With a smaller class, and some high temperatures creating a cozy work space, Thursday seemed just the day for a low weight met-con. Part of that included dusting off an old staple from the CF exercise-chest.
It’s been a while since we’ve worked med-ball cleans, let alone reviewed them. Thursday night’s class started with a standard progression, beginning with med-ball deadlifts, shrugs, front squats, and, finally, full cleans. Rather than review each piece, I’m going to recommend that you check out the following video of local CF coach Jerry Hill (of CF Oldtown down in Old Town, Alexandria, VA) reviewing the med-ball clean:
Now, I will acknowledge that there is a long standing debate about the usefulness of the med-ball clean AS IT APPLIES to learning an actual Olympic clean. The argument proffered by most Olympic lifting coaches is that the med-ball clean isn’t useful because the movements are so dissimilar (mostly owing to the different shape, size, and weights of the objects being cleaned). I would agree, but only to a point. I think it’s better, or at least more appropriate, to view the med-ball clean as a ‘skill-transfer exercise’. I say this because I believe that the med-ball clean can be useful in helping to teach some of the essential pieces of the actual Olympic clean. For example:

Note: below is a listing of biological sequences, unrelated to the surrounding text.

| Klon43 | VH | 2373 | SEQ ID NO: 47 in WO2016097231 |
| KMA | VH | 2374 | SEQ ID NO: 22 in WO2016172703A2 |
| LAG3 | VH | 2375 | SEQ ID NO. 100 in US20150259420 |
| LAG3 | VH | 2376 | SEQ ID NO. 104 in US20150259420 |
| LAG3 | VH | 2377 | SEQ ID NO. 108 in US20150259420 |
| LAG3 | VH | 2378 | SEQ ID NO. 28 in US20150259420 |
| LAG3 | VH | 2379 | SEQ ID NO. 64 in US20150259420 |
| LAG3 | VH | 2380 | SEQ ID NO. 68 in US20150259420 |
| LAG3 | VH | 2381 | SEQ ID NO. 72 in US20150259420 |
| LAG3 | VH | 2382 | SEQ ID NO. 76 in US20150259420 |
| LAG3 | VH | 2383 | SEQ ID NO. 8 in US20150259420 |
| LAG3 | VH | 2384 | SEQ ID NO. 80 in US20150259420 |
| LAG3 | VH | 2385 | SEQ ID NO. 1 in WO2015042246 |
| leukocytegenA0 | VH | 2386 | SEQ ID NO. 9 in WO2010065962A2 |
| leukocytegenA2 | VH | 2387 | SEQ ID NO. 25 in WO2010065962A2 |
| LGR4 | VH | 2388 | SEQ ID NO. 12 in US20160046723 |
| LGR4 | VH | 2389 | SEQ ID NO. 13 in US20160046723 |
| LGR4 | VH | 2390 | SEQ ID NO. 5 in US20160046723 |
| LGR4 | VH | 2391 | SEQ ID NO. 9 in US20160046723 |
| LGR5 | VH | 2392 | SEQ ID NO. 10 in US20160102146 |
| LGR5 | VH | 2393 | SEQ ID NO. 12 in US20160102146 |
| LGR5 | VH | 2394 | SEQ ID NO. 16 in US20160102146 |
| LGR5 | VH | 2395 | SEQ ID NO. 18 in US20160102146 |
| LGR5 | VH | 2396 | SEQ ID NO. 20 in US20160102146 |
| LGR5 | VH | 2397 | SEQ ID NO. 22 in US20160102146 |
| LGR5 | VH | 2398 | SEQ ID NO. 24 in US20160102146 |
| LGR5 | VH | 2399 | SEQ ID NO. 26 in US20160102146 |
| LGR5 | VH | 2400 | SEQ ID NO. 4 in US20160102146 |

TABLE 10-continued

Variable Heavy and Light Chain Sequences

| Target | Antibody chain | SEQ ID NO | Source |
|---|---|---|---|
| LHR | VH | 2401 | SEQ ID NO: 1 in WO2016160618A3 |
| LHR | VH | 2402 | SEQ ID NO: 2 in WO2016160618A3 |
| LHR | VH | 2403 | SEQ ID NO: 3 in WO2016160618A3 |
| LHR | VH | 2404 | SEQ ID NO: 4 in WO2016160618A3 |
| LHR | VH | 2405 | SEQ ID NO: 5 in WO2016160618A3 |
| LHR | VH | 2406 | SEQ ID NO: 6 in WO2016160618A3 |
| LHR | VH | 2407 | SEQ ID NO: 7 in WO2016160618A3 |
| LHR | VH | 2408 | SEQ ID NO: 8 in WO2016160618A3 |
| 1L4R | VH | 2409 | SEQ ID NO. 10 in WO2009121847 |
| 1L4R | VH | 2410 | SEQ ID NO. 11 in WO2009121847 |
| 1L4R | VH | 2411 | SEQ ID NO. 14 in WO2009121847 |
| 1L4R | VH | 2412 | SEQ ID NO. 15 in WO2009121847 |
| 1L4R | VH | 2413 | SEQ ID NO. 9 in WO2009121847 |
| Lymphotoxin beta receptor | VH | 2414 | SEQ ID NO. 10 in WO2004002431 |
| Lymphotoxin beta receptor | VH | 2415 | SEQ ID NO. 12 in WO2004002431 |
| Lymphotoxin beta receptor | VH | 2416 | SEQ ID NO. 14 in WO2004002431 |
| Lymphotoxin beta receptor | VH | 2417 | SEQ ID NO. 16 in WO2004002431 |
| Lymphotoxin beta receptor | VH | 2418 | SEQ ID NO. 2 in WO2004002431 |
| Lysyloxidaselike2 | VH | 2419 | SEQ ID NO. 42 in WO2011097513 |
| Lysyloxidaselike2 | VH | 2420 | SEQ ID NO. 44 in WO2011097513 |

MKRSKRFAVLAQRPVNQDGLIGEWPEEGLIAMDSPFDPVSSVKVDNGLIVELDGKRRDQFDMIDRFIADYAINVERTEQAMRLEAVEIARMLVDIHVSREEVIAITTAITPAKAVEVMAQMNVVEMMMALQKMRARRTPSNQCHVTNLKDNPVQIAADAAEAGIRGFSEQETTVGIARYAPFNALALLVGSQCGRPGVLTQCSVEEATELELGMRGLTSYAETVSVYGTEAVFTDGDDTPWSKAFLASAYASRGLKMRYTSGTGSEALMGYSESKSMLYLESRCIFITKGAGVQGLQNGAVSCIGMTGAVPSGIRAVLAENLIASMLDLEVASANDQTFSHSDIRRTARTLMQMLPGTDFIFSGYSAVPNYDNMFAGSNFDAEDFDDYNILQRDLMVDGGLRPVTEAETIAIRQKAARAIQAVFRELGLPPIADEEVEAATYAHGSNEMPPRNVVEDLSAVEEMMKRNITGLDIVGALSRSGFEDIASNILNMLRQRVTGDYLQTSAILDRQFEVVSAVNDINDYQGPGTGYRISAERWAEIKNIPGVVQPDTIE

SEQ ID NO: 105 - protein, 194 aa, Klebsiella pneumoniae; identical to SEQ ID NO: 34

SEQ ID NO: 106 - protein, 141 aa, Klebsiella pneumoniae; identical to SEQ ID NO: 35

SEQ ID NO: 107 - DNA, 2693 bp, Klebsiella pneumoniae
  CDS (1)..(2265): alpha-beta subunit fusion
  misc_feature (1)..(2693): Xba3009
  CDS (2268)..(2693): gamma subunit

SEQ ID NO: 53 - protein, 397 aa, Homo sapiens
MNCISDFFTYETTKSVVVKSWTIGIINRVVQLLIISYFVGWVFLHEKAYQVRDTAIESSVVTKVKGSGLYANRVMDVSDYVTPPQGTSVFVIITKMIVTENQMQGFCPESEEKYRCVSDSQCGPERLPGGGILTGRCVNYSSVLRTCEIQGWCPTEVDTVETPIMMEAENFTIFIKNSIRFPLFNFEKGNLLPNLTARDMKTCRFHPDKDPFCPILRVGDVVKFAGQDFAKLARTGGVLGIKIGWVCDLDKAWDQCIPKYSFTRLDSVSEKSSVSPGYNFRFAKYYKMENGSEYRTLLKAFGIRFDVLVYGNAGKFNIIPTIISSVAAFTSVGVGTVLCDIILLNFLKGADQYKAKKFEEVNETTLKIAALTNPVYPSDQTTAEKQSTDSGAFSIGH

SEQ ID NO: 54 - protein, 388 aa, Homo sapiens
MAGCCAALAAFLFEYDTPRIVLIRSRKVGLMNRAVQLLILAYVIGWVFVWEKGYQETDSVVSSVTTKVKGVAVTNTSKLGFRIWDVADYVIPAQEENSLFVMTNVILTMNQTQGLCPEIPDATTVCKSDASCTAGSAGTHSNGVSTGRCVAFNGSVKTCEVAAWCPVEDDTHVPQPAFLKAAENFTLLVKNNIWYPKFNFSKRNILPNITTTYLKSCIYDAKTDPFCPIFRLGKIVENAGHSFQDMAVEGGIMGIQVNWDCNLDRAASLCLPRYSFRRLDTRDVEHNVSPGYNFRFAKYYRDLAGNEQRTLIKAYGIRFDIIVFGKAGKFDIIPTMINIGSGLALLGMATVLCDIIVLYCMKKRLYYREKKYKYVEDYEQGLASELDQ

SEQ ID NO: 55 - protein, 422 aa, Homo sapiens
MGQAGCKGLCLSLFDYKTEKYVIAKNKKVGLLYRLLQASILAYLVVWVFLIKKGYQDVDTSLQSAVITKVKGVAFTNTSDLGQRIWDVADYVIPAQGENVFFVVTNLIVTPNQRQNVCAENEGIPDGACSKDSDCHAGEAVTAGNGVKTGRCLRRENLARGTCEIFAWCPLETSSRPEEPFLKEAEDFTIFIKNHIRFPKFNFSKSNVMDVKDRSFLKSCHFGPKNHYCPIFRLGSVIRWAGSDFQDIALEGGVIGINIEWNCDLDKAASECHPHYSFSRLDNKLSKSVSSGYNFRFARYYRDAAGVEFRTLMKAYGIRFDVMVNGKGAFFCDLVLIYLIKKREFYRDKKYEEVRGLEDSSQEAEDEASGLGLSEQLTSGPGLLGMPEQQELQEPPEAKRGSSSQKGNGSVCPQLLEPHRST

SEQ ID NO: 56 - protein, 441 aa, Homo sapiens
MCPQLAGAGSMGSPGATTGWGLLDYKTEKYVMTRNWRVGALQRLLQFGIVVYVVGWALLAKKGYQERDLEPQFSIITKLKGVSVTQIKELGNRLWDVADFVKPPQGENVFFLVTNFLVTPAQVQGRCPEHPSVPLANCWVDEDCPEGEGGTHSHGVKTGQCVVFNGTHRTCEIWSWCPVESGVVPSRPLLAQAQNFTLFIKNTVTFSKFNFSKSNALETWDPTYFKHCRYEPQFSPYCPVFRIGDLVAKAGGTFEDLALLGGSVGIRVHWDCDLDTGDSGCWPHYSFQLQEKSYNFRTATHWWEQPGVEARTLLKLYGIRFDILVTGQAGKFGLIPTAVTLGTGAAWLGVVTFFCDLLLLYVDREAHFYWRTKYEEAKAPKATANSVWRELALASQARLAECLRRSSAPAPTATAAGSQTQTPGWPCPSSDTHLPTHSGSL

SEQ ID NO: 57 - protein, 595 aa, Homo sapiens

– The Triple Extension;
– The shrug (although, I freely acknowledge that not all Olympic coaches actively teach or incorporate a shrug into their Olympic lifting); and,
– The hand release (i.e., getting away from a front-curl by relaxing the hands a little – a scary prospect for someone new to the clean).
The debate will obviously not be solved by this overly-simplistic approach, nor is it probably novel, but at least it’s a start towards acknowledging the fact that this is not a black or white issue, and that arguing it as such is simply unhelpful.
Begin with 10 med-ball cleans, remembering to extend all the way up, pull under the ball without curling it, and then stand all the way back up again before releasing the ball back to the floor. For the plate burpees, have the plate positioned in front of you, and perform your regular burpee, but instead of jumping and clapping, simply jump on to the plate and then back off again. For the plate laterals (or side hops), hurdle the plate sideways for 20 reps (1 rep = 1 jump, as opposed to an over & back jump). Follow with 25 body weight squats (“air squats”). All for time.
Now, I’m no statistician, but let me break this down for you:
40 Med-Ball Cleans (there’s basically 2 squats per clean, so that’s 80 squats);
60 Plate Burpees (there’s 1 squat/jump squat per burpee, so there’s another 60 squats);
80 Plate Laterals (thankfully, no real squats, but honestly, did that matter at this point?)
100 Squats (there’s 1 squat per squat, so that’s, well, 100 squats…)
TOTAL = roughly 240 squats.
So if your legs feel a little stiff today, there’s a reason.
Met-cons plus horrible heat (even inside with a moderately working AC unit) can take a toll. Please be sure to hydrate adequately. If you find that you’re running behind – and it’s a good bet that most of you are – pick up a carton of coconut water, as the electrolytes will really keep your body balanced. Till then, post thoughts and times to comments, and be ready to ‘grip it n’ rip it’ on Sunday!